When you don’t feel comfortable in your own skin, it’s hard to feel like yourself. Whether you’re seeing more wrinkles around your eyes than you have before, or you’re suddenly having breakouts again (which you thought you left behind in high school), seeing changes in your skin can take a toll on your confidence.
And when you have issues like wrinkles, redness, or acne, you might wonder what you’ve been doing wrong. Am I eating too much junk food? I moisturize daily—why is my skin so dry? I never spend too much time out in the sun—where are all these wrinkles coming from?
The good news is, face skin problems like these are simple to treat—and prevent. With the right tools and treatments, common skin issues can be remedied without invasive procedures or medication with difficult side effects.
In this blog, we’ll cover five of the most common face skin problems, including what causes them, how to treat them at home, and how an integrated approach can help you feel confident in your skin again.
What Causes Face Skin Problems?
Before we jump right into different types of face skin problems, let’s talk about some factors that can contribute to our skin looking less-than-glowing. Oftentimes, many of these factors are outside of our control. Factors that are within your control are typically easy to correct and modify.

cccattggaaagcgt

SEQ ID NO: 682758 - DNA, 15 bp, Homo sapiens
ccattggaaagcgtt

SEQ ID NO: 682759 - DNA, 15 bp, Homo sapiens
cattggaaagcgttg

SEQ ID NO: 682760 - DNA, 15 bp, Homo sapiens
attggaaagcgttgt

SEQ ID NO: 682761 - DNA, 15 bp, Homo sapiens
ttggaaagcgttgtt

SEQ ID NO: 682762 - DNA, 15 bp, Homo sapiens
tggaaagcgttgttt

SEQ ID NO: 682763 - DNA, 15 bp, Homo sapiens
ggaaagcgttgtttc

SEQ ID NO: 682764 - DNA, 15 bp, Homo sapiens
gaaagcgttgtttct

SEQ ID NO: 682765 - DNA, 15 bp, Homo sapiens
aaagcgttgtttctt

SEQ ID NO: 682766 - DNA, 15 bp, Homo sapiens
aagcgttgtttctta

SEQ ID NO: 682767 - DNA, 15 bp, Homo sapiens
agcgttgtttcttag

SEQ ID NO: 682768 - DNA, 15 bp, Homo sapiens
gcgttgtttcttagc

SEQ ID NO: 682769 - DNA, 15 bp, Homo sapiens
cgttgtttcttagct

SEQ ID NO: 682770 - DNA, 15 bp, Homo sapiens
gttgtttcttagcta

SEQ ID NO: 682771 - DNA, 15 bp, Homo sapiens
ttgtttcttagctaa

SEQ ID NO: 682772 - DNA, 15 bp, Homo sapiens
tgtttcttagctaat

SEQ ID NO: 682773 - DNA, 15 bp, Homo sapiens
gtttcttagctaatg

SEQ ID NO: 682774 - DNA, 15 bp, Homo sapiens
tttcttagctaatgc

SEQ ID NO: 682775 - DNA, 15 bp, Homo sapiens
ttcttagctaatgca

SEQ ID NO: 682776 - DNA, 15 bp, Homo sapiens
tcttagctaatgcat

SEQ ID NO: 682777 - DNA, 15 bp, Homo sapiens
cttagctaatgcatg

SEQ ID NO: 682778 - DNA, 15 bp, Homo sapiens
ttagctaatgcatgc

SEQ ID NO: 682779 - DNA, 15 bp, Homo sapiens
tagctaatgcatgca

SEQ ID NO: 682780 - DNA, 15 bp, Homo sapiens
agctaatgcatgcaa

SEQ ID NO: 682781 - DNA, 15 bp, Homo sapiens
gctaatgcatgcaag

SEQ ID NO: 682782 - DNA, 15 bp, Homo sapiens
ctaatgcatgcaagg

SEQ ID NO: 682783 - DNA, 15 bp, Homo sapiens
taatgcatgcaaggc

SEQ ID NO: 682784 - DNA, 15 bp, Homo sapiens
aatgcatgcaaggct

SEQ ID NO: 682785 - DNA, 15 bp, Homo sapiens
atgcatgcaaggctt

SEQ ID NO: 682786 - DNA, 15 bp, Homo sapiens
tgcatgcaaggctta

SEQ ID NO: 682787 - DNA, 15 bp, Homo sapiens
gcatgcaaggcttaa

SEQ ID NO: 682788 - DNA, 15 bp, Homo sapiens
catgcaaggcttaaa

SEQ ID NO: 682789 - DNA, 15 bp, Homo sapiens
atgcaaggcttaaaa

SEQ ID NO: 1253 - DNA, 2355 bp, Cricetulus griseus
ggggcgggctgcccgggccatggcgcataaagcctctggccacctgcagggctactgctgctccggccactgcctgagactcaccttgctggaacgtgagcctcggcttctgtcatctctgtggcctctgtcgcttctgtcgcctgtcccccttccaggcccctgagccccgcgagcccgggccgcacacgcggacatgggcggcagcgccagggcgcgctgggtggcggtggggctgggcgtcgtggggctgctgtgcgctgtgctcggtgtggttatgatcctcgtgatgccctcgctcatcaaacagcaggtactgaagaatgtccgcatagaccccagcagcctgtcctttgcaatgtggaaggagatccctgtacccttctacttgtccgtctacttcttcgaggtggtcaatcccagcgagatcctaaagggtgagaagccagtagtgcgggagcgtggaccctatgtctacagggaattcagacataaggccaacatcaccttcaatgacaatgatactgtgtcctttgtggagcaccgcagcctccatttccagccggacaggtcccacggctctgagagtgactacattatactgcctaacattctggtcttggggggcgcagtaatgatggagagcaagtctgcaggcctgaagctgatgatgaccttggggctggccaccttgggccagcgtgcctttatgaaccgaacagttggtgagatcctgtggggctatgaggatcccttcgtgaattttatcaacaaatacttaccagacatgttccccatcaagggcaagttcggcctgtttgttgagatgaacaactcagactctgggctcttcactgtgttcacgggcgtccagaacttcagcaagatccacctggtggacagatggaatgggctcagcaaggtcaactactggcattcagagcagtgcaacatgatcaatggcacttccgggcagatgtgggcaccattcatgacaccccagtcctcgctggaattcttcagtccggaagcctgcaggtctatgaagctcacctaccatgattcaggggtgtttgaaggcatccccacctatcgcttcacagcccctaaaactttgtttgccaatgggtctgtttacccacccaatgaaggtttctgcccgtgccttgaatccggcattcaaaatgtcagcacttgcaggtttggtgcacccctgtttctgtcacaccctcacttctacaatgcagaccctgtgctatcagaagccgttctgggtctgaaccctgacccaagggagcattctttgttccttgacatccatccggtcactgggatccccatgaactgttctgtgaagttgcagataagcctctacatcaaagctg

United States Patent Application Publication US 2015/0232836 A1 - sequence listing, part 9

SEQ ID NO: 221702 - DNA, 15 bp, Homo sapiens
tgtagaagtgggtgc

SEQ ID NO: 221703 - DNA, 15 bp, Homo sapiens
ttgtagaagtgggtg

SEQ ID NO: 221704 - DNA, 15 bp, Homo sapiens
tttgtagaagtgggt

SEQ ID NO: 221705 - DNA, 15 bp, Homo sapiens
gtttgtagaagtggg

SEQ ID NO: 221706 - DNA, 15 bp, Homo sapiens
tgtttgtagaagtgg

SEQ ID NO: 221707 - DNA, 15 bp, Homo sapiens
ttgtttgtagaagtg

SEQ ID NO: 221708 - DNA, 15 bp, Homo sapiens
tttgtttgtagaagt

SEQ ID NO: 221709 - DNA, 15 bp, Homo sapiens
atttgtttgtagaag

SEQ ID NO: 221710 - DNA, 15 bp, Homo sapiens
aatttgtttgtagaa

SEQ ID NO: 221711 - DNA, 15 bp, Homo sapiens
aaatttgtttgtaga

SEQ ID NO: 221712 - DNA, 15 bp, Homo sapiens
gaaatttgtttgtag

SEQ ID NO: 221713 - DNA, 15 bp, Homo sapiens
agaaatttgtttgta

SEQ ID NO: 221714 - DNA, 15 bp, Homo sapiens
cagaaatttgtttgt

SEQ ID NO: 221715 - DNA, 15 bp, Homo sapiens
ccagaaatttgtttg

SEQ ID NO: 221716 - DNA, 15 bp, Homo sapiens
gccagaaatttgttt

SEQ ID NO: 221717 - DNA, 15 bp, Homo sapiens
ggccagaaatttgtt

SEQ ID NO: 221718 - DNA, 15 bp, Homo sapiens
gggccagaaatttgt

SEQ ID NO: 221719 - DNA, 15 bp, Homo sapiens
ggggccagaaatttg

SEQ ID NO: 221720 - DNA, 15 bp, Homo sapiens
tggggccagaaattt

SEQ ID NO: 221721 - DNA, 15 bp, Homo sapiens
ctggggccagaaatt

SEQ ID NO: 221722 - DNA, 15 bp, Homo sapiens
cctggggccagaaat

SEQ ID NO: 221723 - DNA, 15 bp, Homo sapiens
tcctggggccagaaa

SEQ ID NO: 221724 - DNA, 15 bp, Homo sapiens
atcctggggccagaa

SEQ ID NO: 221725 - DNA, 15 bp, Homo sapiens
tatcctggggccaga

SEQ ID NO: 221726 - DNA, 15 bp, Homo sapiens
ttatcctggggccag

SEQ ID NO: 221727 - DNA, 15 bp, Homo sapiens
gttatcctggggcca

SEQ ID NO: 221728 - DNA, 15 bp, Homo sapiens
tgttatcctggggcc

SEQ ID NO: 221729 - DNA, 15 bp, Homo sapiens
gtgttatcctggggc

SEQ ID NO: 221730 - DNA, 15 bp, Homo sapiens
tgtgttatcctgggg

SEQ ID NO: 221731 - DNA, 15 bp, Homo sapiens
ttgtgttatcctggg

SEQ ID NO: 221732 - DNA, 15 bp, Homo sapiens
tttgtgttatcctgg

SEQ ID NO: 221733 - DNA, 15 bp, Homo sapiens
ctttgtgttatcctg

Hormones in both men and women have a huge impact on the look and feel of your skin. For women, healthy levels of estrogen keep your skin looking plump and firm—until you hit menopause when your estrogen levels begin to decrease. That’s when women typically notice more dryness. The female hormone progesterone can also cause acne breakouts at any stage of a woman’s life.
For men, the male hormone testosterone actually helps prevent skin from aging or losing its elasticity. However, testosterone can also increase oil production in a man’s body, causing him to have more acne or breakouts.
It’s fairly common knowledge that stress can wreak havoc on your body, causing everything from stomach issues to hair loss. It can also greatly affect your skin. The stress hormone cortisol boosts oil gland production, causing more acne and clogged pores, and can also aggravate skin issues like rosacea, eczema, and redness. (Not to mention, lack of sleep due to stress can cause dark circles under your eyes!)
Aging is a natural part of life, but it can take a toll on our skin. As we age, the epidermis (outer layer of skin) becomes thinner, and the number of cells that contain skin pigment decreases. Lack of moisture, sun exposure, and other factors can make our skin’s appearance worse as we age.